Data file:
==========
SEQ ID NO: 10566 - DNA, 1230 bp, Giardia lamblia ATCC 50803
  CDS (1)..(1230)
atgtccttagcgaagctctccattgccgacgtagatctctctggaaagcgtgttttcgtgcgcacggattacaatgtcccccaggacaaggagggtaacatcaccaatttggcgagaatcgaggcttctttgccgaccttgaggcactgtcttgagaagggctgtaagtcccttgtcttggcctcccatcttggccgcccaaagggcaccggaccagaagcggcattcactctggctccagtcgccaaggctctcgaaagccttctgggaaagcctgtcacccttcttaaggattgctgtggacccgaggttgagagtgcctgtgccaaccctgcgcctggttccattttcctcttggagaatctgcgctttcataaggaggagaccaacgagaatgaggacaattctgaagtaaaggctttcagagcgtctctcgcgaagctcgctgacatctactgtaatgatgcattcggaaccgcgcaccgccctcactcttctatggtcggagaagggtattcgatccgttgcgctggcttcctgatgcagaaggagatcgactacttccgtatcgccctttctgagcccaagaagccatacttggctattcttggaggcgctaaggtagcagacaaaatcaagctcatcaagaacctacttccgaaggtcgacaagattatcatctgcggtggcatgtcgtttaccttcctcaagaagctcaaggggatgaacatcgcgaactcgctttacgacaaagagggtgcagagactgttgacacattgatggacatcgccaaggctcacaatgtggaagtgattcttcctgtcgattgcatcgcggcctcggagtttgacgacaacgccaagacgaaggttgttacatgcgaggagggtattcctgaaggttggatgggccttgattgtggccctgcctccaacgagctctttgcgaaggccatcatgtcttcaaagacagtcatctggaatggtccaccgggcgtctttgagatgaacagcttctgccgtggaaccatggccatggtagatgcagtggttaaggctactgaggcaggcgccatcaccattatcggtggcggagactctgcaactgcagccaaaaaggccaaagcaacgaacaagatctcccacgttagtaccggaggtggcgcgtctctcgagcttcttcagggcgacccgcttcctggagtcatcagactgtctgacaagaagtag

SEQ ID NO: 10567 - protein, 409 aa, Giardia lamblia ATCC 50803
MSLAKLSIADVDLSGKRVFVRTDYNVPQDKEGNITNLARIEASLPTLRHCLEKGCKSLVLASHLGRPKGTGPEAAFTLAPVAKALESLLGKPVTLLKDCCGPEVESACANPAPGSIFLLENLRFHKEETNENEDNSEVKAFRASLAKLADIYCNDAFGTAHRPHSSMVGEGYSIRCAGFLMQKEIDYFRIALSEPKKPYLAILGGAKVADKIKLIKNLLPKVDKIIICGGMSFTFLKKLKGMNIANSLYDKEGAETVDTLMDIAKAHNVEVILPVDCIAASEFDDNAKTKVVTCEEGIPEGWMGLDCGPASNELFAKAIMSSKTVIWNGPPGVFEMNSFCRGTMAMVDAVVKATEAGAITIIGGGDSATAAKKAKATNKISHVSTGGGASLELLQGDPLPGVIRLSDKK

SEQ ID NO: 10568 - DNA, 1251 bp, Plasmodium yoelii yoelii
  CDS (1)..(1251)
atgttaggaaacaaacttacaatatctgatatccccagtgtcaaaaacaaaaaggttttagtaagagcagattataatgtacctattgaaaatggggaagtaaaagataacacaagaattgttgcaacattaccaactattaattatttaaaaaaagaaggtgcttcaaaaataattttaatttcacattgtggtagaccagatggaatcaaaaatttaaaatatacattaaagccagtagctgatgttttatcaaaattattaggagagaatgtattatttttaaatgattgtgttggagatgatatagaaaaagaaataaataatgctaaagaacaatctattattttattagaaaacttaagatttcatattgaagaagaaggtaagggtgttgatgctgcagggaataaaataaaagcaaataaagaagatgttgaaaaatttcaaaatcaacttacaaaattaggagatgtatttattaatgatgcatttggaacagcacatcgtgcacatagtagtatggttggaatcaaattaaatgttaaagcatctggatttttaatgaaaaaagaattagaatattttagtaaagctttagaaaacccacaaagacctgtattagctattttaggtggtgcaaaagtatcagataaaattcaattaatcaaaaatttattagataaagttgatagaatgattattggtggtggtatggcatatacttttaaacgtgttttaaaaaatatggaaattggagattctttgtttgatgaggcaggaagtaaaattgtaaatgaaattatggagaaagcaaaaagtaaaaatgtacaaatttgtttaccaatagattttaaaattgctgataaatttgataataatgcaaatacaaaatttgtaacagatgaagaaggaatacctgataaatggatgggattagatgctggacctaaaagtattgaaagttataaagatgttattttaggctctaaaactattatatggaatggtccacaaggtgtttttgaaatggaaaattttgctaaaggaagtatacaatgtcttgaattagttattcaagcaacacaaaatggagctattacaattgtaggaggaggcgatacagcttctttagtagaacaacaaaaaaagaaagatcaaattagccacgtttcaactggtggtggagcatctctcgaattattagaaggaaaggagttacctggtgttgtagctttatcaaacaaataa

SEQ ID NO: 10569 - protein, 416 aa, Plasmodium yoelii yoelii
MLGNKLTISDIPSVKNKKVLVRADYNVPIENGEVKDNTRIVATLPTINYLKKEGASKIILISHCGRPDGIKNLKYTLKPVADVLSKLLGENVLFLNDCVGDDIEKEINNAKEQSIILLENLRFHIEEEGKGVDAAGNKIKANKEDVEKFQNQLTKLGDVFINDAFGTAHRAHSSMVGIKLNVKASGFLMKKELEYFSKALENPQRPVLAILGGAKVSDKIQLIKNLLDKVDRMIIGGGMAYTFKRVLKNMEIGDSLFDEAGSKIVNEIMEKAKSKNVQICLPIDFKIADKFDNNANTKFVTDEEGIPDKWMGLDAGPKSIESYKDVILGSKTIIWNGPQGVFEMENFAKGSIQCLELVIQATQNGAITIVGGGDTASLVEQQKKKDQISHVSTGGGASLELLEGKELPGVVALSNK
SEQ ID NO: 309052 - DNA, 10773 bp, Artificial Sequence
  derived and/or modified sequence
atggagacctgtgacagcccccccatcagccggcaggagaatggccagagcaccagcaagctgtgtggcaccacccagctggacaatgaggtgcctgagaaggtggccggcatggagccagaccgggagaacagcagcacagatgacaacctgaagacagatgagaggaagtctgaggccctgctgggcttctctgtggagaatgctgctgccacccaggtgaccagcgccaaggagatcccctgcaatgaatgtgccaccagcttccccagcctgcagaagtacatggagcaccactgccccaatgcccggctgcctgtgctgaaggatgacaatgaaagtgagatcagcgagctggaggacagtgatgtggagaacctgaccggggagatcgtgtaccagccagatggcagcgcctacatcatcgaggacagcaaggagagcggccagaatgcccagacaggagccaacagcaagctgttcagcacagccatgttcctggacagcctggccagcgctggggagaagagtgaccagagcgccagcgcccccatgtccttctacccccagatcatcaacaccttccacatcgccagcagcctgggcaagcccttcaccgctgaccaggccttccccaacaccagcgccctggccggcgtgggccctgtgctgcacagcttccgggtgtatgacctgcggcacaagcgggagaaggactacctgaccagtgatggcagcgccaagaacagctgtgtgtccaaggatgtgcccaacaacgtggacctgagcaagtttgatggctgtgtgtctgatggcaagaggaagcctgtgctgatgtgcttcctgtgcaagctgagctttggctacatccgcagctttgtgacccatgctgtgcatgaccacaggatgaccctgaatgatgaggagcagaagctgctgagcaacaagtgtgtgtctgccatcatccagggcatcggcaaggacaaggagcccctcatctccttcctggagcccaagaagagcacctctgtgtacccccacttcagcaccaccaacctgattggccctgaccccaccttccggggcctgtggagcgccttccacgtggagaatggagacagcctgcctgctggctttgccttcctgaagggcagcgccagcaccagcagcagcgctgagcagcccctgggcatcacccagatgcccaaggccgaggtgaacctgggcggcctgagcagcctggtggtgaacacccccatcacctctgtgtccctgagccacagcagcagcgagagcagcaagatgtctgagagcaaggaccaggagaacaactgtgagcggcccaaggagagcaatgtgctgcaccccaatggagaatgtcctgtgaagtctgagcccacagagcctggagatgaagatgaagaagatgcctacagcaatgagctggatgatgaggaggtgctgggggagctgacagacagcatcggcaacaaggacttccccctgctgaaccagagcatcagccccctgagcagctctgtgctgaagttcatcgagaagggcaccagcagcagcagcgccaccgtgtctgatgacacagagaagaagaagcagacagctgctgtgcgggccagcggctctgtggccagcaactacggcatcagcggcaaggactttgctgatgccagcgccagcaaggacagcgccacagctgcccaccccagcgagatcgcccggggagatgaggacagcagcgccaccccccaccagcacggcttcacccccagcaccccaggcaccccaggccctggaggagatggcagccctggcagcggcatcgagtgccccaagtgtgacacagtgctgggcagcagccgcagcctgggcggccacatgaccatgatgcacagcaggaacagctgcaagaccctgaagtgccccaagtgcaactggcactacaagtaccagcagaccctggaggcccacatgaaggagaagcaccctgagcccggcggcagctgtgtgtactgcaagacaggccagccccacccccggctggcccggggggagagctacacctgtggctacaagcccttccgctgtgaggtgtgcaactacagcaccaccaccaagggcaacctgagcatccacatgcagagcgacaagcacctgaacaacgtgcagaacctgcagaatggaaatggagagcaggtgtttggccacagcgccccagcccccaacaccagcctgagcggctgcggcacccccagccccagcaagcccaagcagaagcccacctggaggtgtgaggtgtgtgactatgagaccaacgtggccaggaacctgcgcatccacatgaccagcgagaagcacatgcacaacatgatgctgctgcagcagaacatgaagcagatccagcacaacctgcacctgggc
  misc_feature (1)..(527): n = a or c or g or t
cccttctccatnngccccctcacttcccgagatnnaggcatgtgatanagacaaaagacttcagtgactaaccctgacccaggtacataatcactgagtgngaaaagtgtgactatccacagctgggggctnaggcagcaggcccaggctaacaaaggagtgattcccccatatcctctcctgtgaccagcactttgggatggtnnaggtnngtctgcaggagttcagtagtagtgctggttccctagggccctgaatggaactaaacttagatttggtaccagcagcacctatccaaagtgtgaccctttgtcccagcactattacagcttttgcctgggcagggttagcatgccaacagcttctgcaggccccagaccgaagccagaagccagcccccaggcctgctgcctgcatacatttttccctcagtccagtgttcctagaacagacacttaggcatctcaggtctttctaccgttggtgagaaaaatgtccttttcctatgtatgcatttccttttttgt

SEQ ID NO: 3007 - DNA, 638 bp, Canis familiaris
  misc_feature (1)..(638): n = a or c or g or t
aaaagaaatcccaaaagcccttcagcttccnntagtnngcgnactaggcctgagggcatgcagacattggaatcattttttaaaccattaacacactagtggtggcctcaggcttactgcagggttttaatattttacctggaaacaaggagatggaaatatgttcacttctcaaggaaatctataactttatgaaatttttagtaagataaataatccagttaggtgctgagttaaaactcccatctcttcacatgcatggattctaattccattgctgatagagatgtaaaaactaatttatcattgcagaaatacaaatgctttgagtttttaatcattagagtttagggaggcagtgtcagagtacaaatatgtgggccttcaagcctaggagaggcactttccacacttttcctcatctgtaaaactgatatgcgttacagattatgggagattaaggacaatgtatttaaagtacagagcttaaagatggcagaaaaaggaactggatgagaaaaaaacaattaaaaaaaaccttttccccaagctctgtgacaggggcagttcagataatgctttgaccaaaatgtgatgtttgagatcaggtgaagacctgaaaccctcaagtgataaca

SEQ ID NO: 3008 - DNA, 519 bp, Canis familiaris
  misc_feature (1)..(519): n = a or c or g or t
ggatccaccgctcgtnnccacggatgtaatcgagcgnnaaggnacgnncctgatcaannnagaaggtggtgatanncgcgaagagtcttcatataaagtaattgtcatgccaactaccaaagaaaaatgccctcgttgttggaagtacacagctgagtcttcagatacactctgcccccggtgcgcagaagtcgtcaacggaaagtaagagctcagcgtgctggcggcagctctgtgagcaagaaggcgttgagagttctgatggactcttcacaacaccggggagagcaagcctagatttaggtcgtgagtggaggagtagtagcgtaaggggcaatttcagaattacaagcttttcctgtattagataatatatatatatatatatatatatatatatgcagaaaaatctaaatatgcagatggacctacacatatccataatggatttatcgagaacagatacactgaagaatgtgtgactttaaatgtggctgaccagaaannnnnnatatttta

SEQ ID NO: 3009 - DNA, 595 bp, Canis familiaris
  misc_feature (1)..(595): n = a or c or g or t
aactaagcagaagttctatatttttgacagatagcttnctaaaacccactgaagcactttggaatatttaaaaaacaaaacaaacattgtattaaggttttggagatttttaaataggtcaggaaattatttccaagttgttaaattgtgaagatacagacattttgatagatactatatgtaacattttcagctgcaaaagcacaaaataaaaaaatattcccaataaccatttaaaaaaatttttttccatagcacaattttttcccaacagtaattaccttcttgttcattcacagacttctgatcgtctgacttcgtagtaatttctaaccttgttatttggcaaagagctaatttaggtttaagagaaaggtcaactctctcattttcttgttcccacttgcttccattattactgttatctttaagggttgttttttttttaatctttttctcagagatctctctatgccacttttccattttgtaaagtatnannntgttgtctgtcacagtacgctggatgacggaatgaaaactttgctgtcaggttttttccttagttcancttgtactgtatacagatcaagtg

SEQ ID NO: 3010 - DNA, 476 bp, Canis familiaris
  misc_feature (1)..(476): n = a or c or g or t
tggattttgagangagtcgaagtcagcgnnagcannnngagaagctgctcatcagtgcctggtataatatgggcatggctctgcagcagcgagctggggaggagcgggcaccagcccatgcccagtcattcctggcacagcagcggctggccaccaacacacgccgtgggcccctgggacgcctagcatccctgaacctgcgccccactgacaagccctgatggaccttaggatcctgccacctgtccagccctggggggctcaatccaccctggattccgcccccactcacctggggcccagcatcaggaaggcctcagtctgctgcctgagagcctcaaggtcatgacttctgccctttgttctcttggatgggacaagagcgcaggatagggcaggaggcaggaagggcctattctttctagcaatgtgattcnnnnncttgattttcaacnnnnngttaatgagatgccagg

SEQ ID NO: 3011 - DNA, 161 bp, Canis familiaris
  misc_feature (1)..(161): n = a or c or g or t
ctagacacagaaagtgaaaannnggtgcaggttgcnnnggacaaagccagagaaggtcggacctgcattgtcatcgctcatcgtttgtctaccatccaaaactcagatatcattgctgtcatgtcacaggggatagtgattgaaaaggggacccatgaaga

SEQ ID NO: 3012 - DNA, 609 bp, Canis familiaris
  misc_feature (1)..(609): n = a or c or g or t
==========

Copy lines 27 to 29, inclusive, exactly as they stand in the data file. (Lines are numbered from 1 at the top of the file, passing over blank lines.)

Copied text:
tggattttgagangagtcgaagtcagcgnnagcannnngagaagctgctcatcagtgcctggtataatatgggcatggctctgcagcagcgagctggggaggagcgggcaccagcccatgcccagtcattcctggcacagcagcggctggccaccaacacacgccgtgggcccctgggacgcctagcatccctgaacctgcgccccactgacaagccctgatggaccttaggatcctgccacctgtccagccctggggggctcaatccaccctggattccgcccccactcacctggggcccagcatcaggaaggcctcagtctgctgcctgagagcctcaaggtcatgacttctgccctttgttctcttggatgggacaagagcgcaggatagggcaggaggcaggaagggcctattctttctagcaatgtgattcnnnnncttgattttcaacnnnnngttaatgagatgccagg

SEQ ID NO: 3011 - DNA, 161 bp, Canis familiaris
  misc_feature (1)..(161): n = a or c or g or t